WASHINGTON -- Bernie Sanders announced Thursday that his campaign had raised $34.5 million in the final three months of last year, solidifying him as the quarter's top fundraiser in the crowded Democratic presidential field. Former Vice President Joe Biden rebounded from a summer slump to take in $22.7 million over the same period.
Businessman Andrew Yang collected $16.5 million in 2019's fourth quarter.
Each of the three candidates celebrated his latest fundraising for different reasons. Sanders' shows that a recent heart attack hasn't slowed him as primary voting looms. Biden trails the Vermont senator in the money race but topped his third quarter fundraising total of $15.2 million by nearly 50%. Yang's haul is enough to prove he remains very much in the race despite joining it as a political unknown.
The announcements came a day after Pete Buttigieg, the former mayor of South Bend, Ind., announced raising $24.7 million from October through December.
The amount of money pouring into Democratic campaigns suggests the party's primary may feature a long and protracted fight at a time when some would like to see a clear front-runner emerge. The lead-off Iowa caucuses are barely a month out, and Sanders, Biden and Buttigieg have been among the leaders of the crowded field, along with Massachusetts Sen. Elizabeth Warren.
Warren has relied heavily on small donations coming primarily online. Her campaign raised $24.6 million in the third quarter, but it acknowledged in a recent fundraising email collecting about $17 million with a few days to go.
Warren hasn't released her fourth-quarter numbers but said while campaigning Thursday in New Hampshire that they'd be out soon.
President Donald Trump's reelection campaign announced Thursday that it had raised $46 million in the fourth quarter and had a campaign bank account of $102.7 million. How much cash those trying to unseat Trump have on hand likely won't be clear until federal reporting deadlines later this month.
Biden has generally relied on more traditional fundraising methods than Sanders and Warren have, including frequent events with large donors. But the former vice president's campaign said it invested almost $5.2 million in tech and digital outreach in recent months, which helped it double the amount of money raised online in the fourth quarter versus the third.
The campaign also said that 57% of Biden's fourth-quarter donors were new and that it saw a bump in fundraising compared with previous weeks while impeachment proceedings against the president were being held in the House.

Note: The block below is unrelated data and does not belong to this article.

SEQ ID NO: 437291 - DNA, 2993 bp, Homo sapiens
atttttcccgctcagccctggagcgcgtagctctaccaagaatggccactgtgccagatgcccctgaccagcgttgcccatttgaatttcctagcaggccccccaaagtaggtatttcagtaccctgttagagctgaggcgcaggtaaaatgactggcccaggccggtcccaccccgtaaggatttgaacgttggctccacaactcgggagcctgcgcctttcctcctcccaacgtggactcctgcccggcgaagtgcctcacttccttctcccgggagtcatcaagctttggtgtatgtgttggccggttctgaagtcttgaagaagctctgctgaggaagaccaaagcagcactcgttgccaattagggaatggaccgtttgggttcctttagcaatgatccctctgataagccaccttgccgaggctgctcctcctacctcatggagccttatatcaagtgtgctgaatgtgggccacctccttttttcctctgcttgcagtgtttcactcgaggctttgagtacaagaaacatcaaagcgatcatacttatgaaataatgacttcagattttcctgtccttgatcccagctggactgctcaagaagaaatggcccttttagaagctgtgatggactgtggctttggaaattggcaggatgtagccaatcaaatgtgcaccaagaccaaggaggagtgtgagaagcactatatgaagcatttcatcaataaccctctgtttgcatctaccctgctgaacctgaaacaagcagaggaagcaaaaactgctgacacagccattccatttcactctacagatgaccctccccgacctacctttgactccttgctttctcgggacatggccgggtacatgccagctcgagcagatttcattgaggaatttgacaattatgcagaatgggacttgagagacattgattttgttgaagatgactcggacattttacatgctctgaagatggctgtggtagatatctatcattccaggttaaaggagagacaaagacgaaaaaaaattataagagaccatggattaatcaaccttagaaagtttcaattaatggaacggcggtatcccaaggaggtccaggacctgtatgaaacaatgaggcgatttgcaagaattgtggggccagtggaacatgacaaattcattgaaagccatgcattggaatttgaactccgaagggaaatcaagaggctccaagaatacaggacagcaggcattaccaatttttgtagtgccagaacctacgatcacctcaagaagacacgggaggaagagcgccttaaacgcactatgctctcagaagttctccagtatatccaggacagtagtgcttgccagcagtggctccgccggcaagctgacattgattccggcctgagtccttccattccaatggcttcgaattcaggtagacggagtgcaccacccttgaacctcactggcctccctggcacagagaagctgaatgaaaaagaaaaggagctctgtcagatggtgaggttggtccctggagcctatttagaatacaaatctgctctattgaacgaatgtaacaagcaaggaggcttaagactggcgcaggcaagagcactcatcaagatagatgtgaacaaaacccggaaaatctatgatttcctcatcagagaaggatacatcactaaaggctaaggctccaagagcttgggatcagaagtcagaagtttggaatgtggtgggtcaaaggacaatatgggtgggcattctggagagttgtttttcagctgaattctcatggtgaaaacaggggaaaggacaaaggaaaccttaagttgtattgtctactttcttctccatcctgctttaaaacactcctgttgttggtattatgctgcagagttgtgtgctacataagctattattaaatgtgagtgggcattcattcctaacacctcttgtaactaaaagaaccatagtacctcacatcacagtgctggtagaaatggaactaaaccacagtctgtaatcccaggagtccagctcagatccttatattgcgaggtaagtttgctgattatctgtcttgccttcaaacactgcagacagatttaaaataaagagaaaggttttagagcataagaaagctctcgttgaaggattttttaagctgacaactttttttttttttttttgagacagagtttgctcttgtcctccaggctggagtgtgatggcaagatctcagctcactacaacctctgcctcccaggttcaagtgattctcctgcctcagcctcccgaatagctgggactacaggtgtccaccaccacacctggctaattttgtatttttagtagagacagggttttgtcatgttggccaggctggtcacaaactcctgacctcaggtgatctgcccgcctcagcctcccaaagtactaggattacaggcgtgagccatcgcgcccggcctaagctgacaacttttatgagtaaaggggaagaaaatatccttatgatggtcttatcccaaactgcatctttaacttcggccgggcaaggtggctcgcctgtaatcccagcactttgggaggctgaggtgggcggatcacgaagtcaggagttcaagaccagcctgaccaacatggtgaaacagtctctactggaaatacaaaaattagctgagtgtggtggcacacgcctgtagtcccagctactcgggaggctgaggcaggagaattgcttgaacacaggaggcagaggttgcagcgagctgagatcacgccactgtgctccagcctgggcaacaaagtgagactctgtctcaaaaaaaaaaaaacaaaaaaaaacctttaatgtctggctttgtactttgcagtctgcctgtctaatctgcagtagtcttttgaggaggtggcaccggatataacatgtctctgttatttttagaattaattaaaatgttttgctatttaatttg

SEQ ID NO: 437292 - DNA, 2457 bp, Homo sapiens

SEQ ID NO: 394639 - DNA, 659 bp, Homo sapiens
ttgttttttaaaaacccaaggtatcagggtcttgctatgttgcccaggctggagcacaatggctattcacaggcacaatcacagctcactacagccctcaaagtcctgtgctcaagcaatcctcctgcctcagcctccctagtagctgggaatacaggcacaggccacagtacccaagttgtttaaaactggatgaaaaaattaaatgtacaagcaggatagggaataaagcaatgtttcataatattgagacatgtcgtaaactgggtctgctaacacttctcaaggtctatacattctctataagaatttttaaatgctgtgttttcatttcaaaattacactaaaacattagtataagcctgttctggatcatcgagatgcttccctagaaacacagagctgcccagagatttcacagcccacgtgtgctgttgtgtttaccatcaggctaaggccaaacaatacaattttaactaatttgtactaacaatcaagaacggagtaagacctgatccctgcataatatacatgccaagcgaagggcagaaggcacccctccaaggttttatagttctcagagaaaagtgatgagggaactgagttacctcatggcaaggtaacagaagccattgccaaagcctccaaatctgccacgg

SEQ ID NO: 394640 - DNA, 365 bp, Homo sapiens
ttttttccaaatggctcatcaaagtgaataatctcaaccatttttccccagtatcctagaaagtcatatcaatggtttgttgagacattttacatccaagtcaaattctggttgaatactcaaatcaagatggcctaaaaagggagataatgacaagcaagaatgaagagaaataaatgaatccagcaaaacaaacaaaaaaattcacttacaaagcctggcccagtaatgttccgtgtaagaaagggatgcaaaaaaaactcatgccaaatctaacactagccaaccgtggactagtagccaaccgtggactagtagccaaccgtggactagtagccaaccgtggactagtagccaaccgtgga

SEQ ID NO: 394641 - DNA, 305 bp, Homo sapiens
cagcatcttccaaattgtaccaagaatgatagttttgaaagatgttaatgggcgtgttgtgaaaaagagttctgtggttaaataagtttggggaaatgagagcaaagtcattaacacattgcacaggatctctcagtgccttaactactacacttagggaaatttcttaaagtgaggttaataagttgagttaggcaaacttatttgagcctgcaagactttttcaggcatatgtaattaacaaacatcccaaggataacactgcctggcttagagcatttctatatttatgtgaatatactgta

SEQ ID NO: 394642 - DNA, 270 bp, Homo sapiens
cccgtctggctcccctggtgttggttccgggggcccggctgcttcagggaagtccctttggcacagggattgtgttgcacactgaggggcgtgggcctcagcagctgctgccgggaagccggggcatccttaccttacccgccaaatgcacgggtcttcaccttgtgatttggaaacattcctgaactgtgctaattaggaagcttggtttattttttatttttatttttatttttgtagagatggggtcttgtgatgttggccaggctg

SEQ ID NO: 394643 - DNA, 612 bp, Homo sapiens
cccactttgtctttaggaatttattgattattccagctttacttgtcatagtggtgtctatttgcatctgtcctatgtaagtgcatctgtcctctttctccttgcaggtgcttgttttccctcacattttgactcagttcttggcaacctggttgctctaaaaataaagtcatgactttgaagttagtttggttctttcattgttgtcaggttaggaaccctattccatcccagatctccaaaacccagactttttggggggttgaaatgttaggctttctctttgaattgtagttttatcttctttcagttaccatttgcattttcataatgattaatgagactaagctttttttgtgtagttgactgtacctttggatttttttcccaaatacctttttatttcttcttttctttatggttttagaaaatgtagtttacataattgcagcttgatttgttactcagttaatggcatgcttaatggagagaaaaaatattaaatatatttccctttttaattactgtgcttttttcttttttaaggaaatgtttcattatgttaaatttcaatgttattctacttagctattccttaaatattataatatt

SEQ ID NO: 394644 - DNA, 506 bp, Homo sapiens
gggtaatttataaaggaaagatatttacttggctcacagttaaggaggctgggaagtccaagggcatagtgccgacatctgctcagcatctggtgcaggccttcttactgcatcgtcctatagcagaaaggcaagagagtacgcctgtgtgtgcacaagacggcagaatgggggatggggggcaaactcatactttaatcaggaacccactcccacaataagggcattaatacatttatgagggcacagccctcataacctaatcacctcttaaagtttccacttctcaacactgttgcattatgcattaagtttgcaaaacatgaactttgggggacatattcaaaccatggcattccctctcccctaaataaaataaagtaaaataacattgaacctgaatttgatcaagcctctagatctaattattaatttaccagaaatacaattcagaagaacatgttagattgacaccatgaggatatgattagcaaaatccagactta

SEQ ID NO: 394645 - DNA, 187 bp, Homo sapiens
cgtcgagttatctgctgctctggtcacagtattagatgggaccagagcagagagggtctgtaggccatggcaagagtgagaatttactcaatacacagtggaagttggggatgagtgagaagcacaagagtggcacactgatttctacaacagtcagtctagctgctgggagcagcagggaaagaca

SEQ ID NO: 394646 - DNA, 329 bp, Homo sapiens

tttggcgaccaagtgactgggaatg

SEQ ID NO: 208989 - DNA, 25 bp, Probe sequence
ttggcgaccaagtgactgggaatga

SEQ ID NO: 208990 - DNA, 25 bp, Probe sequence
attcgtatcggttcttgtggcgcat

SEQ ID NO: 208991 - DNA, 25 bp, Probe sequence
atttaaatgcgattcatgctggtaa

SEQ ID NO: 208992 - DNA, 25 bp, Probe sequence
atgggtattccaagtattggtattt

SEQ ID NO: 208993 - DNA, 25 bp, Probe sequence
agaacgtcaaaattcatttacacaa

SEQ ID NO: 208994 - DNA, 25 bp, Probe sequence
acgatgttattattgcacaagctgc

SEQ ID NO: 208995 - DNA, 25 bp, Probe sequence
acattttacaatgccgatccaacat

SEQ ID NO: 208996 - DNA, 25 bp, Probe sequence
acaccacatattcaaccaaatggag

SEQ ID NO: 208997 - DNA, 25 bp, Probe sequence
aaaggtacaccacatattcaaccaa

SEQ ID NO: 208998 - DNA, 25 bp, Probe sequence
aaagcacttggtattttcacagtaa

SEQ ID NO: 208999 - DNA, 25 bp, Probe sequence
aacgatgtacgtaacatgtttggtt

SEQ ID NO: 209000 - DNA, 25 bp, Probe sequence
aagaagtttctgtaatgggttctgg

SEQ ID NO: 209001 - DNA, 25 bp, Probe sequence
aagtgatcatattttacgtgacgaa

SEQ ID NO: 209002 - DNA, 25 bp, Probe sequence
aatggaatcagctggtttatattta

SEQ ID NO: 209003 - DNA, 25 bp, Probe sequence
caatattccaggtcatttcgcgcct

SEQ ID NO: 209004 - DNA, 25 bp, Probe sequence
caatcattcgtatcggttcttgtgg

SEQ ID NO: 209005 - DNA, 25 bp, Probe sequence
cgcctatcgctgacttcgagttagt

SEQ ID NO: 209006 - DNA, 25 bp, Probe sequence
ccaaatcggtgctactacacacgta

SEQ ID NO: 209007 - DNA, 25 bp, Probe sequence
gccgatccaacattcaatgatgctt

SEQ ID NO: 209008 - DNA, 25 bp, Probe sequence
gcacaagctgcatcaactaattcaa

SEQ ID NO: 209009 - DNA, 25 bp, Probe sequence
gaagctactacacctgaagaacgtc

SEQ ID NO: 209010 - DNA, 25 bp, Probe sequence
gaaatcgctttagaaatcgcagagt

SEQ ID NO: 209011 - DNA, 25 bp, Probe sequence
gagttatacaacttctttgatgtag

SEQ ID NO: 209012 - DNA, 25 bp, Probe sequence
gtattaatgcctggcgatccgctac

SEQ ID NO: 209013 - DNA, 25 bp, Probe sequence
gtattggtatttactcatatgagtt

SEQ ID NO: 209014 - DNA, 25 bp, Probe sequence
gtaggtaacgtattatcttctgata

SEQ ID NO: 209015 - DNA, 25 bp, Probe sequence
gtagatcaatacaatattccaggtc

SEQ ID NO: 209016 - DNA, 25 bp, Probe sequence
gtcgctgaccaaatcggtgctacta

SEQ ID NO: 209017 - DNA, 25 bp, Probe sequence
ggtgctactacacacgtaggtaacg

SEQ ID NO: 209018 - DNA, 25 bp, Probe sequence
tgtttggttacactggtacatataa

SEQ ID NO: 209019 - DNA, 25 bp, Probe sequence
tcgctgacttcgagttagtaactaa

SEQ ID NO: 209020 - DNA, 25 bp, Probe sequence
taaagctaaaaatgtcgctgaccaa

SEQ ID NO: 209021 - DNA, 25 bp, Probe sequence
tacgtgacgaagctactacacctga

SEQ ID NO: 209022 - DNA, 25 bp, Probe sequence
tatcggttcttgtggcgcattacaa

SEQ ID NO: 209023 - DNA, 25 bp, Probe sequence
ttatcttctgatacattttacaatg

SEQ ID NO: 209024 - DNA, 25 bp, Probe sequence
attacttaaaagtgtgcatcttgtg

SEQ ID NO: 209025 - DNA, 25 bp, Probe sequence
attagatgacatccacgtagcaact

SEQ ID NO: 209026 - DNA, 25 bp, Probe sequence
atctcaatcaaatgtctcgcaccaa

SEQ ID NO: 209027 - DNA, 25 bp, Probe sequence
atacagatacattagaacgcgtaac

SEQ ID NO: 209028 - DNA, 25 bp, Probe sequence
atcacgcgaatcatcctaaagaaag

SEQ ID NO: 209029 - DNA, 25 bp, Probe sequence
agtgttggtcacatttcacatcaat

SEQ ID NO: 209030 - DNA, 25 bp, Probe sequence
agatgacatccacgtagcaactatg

"Today's announcement is just the latest evidence of Joe Biden's growing strength and momentum heading into the early contests of 2020," Biden campaign manager Greg Schultz said in a statement, adding that the haul serves as "a constant reminder to Democratic primary voters that Trump is terrified by the idea of facing Joe Biden in a general election."
Sanders' campaign said that its funds came from more than 1.8 million donations, including from 40,000 new donors on the final day of the year alone.
"Bernie Sanders is closing the year with the most donations of any candidate in history at this point in a presidential campaign," his campaign manager, Faiz Shakir, said in a statement.
Sanders' 2020 bid has now raised more than $96 million built on 5 million-plus individual donations worth an average of about $18.
Sanders' campaign said that more than 99% of his donors have not reached federal donation limits, meaning they can contribute again. Its overall announced total does not include the $12.7 million Sanders transferred from other campaign accounts as part of his presidential run.
Meanwhile, Julian Castro, the only Hispanic in the 2020 Democratic presidential primary race, ended his campaign Thursday after a yearlong run.
Castro, who opened his campaign last January, dropped out after failing to garner enough support in the polls or donations to qualify for recent Democratic debates. A former San Antonio mayor who later became President Barack Obama's secretary of Housing and Urban Development, Castro had stalled for most of his campaign, hovering around 1% in polls, and never came close to raising the money that his better-known rivals did.
And author and spiritual guru Marianne Williamson has laid off her entire 2020 campaign staff but is pushing ahead with her Democratic presidential bid, two former staff members said Thursday.
Paul Hodes, a former congressman who had served as Williamson's New Hampshire state director and senior campaign adviser, confirmed that he had been laid off and "that the others in the national campaign have been laid off."
Information for this article was contributed by Hunter Woodall, Alexandra Jaffe, Paul J. Weber and Corey Williams of The Associated Press.
A Section on 01/03/2020
Print Headline: Sanders top Democrat fundraiser